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Tuesday 27 November 2018

Yet again, Donald Trump has succeeded where Barack Obama failed. Last night the US President slammed Theresa May’s abomination as, “a great deal for the EU”. It is.

“I think we have to take a look at seriously whether or not the UK is allowed to trade,” added Trump.

“Because you know right now if you look at the deal they may not be able to trade with us and that wouldn’t be a good thing.

“I don’t think they meant that. I don’t think that the Prime Minister meant that and hopefully she’ll be able to do something about that.

“But right now, as the deal stands, she may not, they may not be able to trade with the US and I don’t think they want that at all. That would be a very big negative for the deal.”

This is what marks the Donald a cut above, his comments are sincere. By contrast, in the run up to the EU referendum his predecessor flew into London to warn voters Britain would be banished to the “back of the queue” in the event we voted to leave and sought a trade deal with the United States.

Obama’s choice of vocabulary provoked speculation he was acting as a spokesperson for Number 10 – Americans say “line” rather than “queue”. The suspicions were confirmed a few months ago when a former aide to President Obama admitted he was speaking according to David Cameron’s instructions.

Trump is his own man, there is no ambiguity to his words and where they came from. There couldn’t be, the deal as it stands, whether we’re talking about the terms of withdrawal or the blueprint for a future deal, leaves little scope for repatriated sovereignty, particularly regarding trade.

Paragraph 23 of the political declaration sets out the most explicit ambitions towards the future “economic partnership”, entailing, “ambitious customs arrangements that, in line with the Parties’ objectives and principles above, build and improve on the single customs territory provided for in the Withdrawal Agreement which obviates the need for checks on rules of origin.”

Obviating “checks and rules of origins” automatically banishes the prospect of trade deals with the third parties independently negotiated by the United Kingdom.

Notice how the media this morning is not howling at the Donald. They normally rejoice in questioning his judgement and comprehension of international affairs – both highly subjective – May’s deal is no such thing. It is what it is and it is bad.

Marched onto the Today programme this morning to explain away the broadside from Britain’s closest ally, de facto deputy prime minister David Lidington was truthful in saying, “it’s always going to be challenging to do a deal with the United States,” a point he tried to couch in the complexities of international trade negotiations, adding:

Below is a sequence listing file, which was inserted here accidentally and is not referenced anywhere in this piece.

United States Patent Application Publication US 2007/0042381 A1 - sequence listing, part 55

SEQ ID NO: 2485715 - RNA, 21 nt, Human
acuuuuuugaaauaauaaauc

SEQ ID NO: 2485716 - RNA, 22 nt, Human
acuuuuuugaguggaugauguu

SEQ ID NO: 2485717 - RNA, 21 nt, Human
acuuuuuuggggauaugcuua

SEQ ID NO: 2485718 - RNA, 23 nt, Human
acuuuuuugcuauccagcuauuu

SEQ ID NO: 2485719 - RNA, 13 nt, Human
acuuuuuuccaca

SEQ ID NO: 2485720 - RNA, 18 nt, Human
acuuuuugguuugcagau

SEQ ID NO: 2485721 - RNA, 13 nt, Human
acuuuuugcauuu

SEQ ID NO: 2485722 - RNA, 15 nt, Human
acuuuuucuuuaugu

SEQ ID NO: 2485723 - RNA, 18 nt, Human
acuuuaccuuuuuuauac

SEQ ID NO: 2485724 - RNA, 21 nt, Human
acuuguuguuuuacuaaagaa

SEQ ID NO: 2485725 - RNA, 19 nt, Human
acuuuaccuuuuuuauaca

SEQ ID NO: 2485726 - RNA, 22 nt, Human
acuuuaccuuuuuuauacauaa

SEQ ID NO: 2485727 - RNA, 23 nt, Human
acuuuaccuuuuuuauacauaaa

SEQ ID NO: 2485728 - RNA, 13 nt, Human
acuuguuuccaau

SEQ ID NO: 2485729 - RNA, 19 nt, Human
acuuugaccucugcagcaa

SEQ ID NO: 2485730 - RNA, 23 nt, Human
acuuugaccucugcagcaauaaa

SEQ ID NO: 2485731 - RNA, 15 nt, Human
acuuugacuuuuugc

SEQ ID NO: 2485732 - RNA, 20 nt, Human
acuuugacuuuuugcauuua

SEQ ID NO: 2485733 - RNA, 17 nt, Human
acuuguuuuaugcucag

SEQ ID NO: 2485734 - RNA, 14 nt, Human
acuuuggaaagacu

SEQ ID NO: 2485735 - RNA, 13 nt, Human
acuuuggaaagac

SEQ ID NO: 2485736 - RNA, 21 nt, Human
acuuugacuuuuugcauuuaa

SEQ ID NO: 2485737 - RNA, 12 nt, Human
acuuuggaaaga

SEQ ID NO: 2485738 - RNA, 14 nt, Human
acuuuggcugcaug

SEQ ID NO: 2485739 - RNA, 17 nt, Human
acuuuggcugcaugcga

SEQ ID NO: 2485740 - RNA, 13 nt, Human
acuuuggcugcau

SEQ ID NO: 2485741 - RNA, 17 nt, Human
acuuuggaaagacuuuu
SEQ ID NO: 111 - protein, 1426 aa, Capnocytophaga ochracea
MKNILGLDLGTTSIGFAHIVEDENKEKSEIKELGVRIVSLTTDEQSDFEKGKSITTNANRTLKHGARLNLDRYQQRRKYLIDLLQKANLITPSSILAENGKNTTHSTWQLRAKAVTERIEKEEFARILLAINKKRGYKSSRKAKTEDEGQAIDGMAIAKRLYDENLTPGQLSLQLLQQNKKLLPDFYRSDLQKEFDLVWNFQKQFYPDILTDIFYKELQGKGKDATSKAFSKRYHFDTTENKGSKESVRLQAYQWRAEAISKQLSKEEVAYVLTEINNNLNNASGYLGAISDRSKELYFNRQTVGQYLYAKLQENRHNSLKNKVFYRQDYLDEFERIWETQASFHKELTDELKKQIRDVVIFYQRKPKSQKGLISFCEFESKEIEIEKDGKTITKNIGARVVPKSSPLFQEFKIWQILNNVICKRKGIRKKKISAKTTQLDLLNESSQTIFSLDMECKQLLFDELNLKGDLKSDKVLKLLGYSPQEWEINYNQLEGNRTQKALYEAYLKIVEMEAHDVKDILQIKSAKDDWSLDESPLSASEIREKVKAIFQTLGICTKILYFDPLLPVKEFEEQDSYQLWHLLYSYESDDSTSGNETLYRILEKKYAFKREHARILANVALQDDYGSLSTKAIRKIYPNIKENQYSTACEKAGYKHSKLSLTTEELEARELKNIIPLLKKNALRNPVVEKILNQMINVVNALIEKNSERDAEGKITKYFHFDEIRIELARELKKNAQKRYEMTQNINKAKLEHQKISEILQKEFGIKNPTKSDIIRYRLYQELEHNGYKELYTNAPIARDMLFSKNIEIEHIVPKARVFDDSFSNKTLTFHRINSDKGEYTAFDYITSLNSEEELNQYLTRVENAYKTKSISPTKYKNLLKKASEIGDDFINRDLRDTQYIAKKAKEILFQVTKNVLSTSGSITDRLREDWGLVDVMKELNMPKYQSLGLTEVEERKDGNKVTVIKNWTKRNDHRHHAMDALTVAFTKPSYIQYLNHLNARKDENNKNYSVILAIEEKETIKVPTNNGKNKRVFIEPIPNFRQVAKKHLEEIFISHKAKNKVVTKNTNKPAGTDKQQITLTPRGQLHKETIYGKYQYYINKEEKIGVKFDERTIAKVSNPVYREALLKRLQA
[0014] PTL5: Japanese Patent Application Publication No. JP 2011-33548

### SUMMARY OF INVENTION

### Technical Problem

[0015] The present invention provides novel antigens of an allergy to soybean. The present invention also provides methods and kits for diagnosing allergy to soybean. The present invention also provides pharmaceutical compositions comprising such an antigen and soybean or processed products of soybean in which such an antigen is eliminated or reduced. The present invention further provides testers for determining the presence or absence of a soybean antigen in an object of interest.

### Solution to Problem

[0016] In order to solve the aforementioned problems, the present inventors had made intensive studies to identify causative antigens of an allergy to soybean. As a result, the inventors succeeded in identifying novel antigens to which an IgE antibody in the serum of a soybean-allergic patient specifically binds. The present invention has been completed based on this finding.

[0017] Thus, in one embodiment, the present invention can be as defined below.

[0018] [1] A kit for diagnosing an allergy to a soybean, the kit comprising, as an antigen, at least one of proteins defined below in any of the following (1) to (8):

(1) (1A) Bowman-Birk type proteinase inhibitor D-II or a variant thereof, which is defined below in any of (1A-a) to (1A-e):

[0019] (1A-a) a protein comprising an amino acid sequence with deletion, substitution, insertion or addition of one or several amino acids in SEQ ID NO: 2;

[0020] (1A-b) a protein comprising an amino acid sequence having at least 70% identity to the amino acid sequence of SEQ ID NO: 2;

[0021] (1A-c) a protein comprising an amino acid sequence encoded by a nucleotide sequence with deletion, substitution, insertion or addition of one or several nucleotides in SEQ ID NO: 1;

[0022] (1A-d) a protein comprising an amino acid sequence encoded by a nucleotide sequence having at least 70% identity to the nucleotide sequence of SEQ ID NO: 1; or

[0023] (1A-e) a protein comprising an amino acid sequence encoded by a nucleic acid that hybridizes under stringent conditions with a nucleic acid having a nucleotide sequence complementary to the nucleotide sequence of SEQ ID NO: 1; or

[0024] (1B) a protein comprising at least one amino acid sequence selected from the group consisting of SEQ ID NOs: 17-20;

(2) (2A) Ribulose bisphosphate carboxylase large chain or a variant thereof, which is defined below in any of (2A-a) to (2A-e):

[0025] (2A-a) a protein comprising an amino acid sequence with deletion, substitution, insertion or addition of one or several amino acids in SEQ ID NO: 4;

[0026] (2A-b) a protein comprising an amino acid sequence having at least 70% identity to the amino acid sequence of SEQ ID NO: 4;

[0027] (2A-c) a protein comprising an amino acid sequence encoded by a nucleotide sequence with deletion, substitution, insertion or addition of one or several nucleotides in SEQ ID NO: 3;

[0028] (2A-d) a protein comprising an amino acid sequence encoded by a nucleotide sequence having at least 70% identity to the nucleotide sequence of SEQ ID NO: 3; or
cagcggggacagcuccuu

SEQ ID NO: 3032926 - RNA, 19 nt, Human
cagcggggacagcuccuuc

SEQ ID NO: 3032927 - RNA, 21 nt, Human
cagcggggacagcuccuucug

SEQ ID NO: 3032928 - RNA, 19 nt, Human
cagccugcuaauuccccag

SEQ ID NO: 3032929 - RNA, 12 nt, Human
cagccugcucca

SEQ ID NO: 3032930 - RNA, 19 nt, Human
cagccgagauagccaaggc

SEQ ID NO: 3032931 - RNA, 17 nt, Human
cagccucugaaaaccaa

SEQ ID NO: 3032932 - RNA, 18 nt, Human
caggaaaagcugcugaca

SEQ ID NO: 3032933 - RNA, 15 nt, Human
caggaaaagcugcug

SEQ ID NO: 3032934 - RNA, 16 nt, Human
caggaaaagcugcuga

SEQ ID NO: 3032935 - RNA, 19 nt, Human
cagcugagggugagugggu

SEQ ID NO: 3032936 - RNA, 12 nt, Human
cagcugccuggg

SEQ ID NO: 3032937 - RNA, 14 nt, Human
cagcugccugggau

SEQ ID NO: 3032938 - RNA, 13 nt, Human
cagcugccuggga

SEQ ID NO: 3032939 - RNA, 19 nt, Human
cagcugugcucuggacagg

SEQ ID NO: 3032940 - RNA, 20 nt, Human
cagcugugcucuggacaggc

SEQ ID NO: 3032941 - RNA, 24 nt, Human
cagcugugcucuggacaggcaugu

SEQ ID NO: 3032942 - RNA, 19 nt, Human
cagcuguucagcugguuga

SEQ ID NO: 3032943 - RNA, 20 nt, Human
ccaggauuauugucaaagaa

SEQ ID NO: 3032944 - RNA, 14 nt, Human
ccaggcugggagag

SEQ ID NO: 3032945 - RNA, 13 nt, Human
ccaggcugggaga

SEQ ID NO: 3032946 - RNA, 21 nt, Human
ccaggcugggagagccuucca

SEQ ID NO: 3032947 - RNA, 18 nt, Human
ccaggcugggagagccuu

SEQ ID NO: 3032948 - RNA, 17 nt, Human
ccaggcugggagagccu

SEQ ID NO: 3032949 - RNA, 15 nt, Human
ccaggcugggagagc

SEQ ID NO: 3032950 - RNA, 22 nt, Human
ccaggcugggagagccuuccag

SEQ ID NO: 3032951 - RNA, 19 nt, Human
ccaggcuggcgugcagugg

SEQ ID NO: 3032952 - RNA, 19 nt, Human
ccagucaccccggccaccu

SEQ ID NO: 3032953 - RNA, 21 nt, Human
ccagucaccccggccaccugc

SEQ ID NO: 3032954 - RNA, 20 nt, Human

“The US is a tough trade negotiator. President Trump has always said he puts America first. I expect a British prime minister to put British interests first but it will be a tough negotiation.”

He’s not wrong about Trump, nevertheless, in the context of the US President’s shot of honesty Lidington was distorting the issue at hand while unhelpfully giving ammunition to Remainers who claim tiny Britain doesn’t have the clout to negotiate trade deals, even though it’s the world’s fifth biggest importer and is historically open to trade, unlike the EU.

Also appearing on Today this morning was former defence secretary Michael Fallon who brought up the number of MPs saying they will vote against the deal nearer to the hundred mark.

“If we postpone the actual leaving date for two or three months, that is in the interest of the country. We need a better deal, and I think we should send our negotiators back until we get one,” he told listeners.

“Nobody can doubt that the Prime Minister has tried her very best, are we not nonetheless being asked to take a huge gamble here?”

“Paying, leaving, surrendering our vote and our veto without any firm commitment to frictionless trade or the absolute right to dismantle external tariffs?”

On Trump, Fallon was spot on: “It’s no use us brushing off” his comments. “He is the President of the United States.”

“If he says it is going to be difficult, then it looks like it is going to be difficult.”

Honesty has been rare feature of British politics. Perhaps the only virtue of May’s deal is its potent toxicity forces some truth out of our politicians.